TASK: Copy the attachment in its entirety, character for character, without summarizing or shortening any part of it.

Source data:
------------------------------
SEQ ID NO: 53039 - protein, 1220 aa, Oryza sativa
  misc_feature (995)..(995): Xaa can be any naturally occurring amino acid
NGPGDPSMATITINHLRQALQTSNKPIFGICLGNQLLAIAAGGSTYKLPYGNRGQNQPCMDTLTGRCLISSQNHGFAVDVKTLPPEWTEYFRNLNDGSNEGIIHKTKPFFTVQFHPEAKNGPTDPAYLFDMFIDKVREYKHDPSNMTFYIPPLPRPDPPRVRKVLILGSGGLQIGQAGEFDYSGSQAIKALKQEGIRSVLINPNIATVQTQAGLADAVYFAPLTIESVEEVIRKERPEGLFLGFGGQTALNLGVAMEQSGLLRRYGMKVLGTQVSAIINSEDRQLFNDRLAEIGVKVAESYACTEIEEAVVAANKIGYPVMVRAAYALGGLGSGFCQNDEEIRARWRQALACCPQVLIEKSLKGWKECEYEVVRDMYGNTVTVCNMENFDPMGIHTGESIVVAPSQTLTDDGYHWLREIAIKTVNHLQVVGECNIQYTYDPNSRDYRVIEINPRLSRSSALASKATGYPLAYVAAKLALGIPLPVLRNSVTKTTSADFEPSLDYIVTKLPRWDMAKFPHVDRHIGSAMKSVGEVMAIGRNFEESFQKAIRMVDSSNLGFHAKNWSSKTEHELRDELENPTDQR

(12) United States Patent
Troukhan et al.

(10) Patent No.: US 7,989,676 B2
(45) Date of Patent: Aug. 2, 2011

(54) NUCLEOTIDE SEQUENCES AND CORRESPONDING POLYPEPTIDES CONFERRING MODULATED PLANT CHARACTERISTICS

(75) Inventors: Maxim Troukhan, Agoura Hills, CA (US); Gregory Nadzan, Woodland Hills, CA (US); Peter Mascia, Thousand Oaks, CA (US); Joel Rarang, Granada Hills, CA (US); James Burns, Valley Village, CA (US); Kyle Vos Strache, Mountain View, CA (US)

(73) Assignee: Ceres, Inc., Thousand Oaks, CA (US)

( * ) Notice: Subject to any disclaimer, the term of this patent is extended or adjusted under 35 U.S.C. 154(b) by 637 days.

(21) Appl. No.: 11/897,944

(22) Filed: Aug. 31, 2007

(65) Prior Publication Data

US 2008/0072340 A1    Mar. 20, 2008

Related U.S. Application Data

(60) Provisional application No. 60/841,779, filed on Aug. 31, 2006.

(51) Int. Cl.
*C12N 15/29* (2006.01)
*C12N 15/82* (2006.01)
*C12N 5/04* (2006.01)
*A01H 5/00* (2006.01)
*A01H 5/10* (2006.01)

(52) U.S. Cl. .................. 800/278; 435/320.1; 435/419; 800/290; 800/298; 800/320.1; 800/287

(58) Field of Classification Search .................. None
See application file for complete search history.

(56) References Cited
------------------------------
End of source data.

SEQ ID NO: 53039 - protein, 1220 aa, Oryza sativa
  misc_feature (995)..(995): Xaa can be any naturally occurring amino acid
NGPGDPSMATITINHLRQALQTSNKPIFGICLGNQLLAIAAGGSTYKLPYGNRGQNQPCMDTLTGRCLISSQNHGFAVDVKTLPPEWTEYFRNLNDGSNEGIIHKTKPFFTVQFHPEAKNGPTDPAYLFDMFIDKVREYKHDPSNMTFYIPPLPRPDPPRVRKVLILGSGGLQIGQAGEFDYSGSQAIKALKQEGIRSVLINPNIATVQTQAGLADAVYFAPLTIESVEEVIRKERPEGLFLGFGGQTALNLGVAMEQSGLLRRYGMKVLGTQVSAIINSEDRQLFNDRLAEIGVKVAESYACTEIEEAVVAANKIGYPVMVRAAYALGGLGSGFCQNDEEIRARWRQALACCPQVLIEKSLKGWKECEYEVVRDMYGNTVTVCNMENFDPMGIHTGESIVVAPSQTLTDDGYHWLREIAIKTVNHLQVVGECNIQYTYDPNSRDYRVIEINPRLSRSSALASKATGYPLAYVAAKLALGIPLPVLRNSVTKTTSADFEPSLDYIVTKLPRWDMAKFPHVDRHIGSAMKSVGEVMAIGRNFEESFQKAIRMVDSSNLGFHAKNWSSKTEHELRDELENPTDQR

(12) United States Patent
Troukhan et al.

(10) Patent No.: US 7,989,676 B2
(45) Date of Patent: Aug. 2, 2011

(54) NUCLEOTIDE SEQUENCES AND CORRESPONDING POLYPEPTIDES CONFERRING MODULATED PLANT CHARACTERISTICS

(75) Inventors: Maxim Troukhan, Agoura Hills, CA (US); Gregory Nadzan, Woodland Hills, CA (US); Peter Mascia, Thousand Oaks, CA (US); Joel Rarang, Granada Hills, CA (US); James Burns, Valley Village, CA (US); Kyle Vos Strache, Mountain View, CA (US)

(73) Assignee: Ceres, Inc., Thousand Oaks, CA (US)

( * ) Notice: Subject to any disclaimer, the term of this patent is extended or adjusted under 35 U.S.C. 154(b) by 637 days.

(21) Appl. No.: 11/897,944

(22) Filed: Aug. 31, 2007

(65) Prior Publication Data

US 2008/0072340 A1    Mar. 20, 2008

Related U.S. Application Data

(60) Provisional application No. 60/841,779, filed on Aug. 31, 2006.

(51) Int. Cl.
*C12N 15/29* (2006.01)
*C12N 15/82* (2006.01)
*C12N 5/04* (2006.01)
*A01H 5/00* (2006.01)
*A01H 5/10* (2006.01)

(52) U.S. Cl. .................. 800/278; 435/320.1; 435/419; 800/290; 800/298; 800/320.1; 800/287

(58) Field of Classification Search .................. None
See application file for complete search history.

(56) References Cited